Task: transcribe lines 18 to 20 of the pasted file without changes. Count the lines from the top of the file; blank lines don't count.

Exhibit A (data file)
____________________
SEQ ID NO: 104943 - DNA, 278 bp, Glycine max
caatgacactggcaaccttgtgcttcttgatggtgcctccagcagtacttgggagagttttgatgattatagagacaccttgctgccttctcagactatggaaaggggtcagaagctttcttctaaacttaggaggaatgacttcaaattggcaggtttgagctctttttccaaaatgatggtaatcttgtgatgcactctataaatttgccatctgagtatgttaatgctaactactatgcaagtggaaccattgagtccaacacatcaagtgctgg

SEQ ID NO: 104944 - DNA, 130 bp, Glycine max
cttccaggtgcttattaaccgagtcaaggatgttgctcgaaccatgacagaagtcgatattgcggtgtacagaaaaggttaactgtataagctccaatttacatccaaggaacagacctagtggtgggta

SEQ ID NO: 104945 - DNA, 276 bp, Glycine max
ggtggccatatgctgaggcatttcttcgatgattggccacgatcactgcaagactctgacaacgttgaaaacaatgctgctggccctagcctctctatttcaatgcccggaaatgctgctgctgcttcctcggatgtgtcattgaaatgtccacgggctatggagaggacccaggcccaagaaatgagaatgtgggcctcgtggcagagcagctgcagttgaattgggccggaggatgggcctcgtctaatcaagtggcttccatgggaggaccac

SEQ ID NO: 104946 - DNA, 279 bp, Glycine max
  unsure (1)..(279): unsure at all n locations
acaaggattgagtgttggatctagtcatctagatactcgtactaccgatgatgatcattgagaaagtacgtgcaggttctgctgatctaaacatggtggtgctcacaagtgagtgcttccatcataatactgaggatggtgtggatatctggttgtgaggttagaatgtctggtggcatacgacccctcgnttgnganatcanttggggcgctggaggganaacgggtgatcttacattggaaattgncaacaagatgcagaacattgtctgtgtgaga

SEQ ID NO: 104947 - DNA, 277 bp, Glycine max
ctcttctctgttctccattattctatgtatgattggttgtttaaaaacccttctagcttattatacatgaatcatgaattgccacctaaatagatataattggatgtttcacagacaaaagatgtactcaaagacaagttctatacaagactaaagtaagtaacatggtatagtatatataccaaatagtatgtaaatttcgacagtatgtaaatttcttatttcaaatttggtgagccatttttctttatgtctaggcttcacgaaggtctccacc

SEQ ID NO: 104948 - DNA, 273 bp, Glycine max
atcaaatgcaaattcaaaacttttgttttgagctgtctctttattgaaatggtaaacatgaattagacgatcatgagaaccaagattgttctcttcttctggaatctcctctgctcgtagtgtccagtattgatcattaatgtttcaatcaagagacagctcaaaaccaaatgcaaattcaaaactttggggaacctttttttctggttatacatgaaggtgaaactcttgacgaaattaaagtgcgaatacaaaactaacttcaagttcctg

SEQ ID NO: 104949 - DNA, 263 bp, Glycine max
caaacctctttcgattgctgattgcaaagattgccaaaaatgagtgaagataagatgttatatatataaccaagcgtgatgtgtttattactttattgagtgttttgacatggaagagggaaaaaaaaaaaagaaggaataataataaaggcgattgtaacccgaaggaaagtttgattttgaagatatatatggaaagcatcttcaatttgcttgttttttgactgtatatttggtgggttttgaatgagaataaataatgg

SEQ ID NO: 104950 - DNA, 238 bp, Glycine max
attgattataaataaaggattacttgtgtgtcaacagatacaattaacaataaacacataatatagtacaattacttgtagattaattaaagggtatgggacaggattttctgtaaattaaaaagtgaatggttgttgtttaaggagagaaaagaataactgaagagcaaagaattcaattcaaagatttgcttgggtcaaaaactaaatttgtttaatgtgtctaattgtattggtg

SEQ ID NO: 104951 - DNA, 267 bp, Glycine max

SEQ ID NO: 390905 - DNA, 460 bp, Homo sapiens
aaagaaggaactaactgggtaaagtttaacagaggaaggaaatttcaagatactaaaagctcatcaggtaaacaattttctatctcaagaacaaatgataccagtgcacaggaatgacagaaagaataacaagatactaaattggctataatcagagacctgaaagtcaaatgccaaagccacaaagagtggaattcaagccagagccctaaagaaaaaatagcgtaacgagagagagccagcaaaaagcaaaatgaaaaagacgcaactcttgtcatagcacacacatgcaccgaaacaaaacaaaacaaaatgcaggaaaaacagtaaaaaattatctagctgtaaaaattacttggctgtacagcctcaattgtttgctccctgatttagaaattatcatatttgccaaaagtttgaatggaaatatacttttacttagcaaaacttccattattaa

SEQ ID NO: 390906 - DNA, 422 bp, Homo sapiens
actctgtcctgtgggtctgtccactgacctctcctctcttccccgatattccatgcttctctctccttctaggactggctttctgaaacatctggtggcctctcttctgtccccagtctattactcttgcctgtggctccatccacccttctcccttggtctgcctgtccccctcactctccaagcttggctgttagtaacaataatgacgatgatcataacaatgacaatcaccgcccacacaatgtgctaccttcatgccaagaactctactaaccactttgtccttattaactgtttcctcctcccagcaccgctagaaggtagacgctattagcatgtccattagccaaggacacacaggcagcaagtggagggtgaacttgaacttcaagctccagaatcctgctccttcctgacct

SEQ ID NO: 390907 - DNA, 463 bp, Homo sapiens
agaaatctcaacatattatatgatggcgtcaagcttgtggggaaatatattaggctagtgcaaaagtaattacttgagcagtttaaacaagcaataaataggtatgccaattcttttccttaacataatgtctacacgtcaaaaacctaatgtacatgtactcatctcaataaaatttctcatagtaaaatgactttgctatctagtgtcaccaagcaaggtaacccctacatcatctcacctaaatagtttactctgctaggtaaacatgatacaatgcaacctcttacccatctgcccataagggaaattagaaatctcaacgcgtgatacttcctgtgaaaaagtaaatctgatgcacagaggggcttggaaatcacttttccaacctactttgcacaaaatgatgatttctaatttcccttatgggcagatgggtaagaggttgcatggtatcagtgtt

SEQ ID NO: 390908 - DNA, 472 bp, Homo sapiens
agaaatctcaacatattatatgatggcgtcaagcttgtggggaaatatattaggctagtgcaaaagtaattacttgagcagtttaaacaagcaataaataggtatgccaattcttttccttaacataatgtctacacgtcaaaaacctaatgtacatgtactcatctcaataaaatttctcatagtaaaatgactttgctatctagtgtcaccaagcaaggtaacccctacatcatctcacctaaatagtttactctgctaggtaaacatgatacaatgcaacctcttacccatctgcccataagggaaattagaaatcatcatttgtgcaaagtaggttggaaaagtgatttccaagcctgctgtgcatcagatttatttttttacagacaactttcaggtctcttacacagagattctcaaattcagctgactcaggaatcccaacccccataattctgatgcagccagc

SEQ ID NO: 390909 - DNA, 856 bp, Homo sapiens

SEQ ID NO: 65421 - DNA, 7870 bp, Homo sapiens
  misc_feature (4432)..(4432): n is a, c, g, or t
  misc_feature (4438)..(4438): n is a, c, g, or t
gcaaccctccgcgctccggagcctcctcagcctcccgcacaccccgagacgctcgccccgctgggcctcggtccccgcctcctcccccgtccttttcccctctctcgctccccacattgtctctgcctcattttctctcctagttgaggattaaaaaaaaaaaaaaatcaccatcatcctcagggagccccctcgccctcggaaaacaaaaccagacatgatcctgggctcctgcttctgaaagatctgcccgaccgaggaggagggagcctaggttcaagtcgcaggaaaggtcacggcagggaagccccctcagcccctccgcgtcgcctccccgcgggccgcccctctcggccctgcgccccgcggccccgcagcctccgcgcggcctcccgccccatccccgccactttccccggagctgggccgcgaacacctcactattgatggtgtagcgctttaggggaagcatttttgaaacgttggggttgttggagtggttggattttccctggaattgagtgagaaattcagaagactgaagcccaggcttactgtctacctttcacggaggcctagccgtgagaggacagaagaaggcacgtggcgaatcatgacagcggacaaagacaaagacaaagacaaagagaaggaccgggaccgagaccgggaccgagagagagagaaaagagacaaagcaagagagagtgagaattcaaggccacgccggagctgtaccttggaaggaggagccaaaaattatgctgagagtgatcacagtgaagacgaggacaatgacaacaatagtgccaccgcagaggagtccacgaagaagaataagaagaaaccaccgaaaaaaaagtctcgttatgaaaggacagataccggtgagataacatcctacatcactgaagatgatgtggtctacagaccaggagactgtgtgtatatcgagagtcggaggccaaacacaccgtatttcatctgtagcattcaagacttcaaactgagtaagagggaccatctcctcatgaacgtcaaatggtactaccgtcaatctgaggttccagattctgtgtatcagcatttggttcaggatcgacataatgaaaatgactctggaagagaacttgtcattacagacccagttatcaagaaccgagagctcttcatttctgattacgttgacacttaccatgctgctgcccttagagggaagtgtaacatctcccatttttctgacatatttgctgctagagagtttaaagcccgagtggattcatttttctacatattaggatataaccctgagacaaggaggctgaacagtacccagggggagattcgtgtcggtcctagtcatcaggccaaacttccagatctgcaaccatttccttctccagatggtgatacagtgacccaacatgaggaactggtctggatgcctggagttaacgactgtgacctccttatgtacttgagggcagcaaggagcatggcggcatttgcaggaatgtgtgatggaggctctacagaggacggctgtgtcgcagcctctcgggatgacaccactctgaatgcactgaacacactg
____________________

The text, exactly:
SEQ ID NO: 104951 - DNA, 267 bp, Glycine max

SEQ ID NO: 390905 - DNA, 460 bp, Homo sapiens
aaagaaggaactaactgggtaaagtttaacagaggaaggaaatttcaagatactaaaagctcatcaggtaaacaattttctatctcaagaacaaatgataccagtgcacaggaatgacagaaagaataacaagatactaaattggctataatcagagacctgaaagtcaaatgccaaagccacaaagagtggaattcaagccagagccctaaagaaaaaatagcgtaacgagagagagccagcaaaaagcaaaatgaaaaagacgcaactcttgtcatagcacacacatgcaccgaaacaaaacaaaacaaaatgcaggaaaaacagtaaaaaattatctagctgtaaaaattacttggctgtacagcctcaattgtttgctccctgatttagaaattatcatatttgccaaaagtttgaatggaaatatacttttacttagcaaaacttccattattaa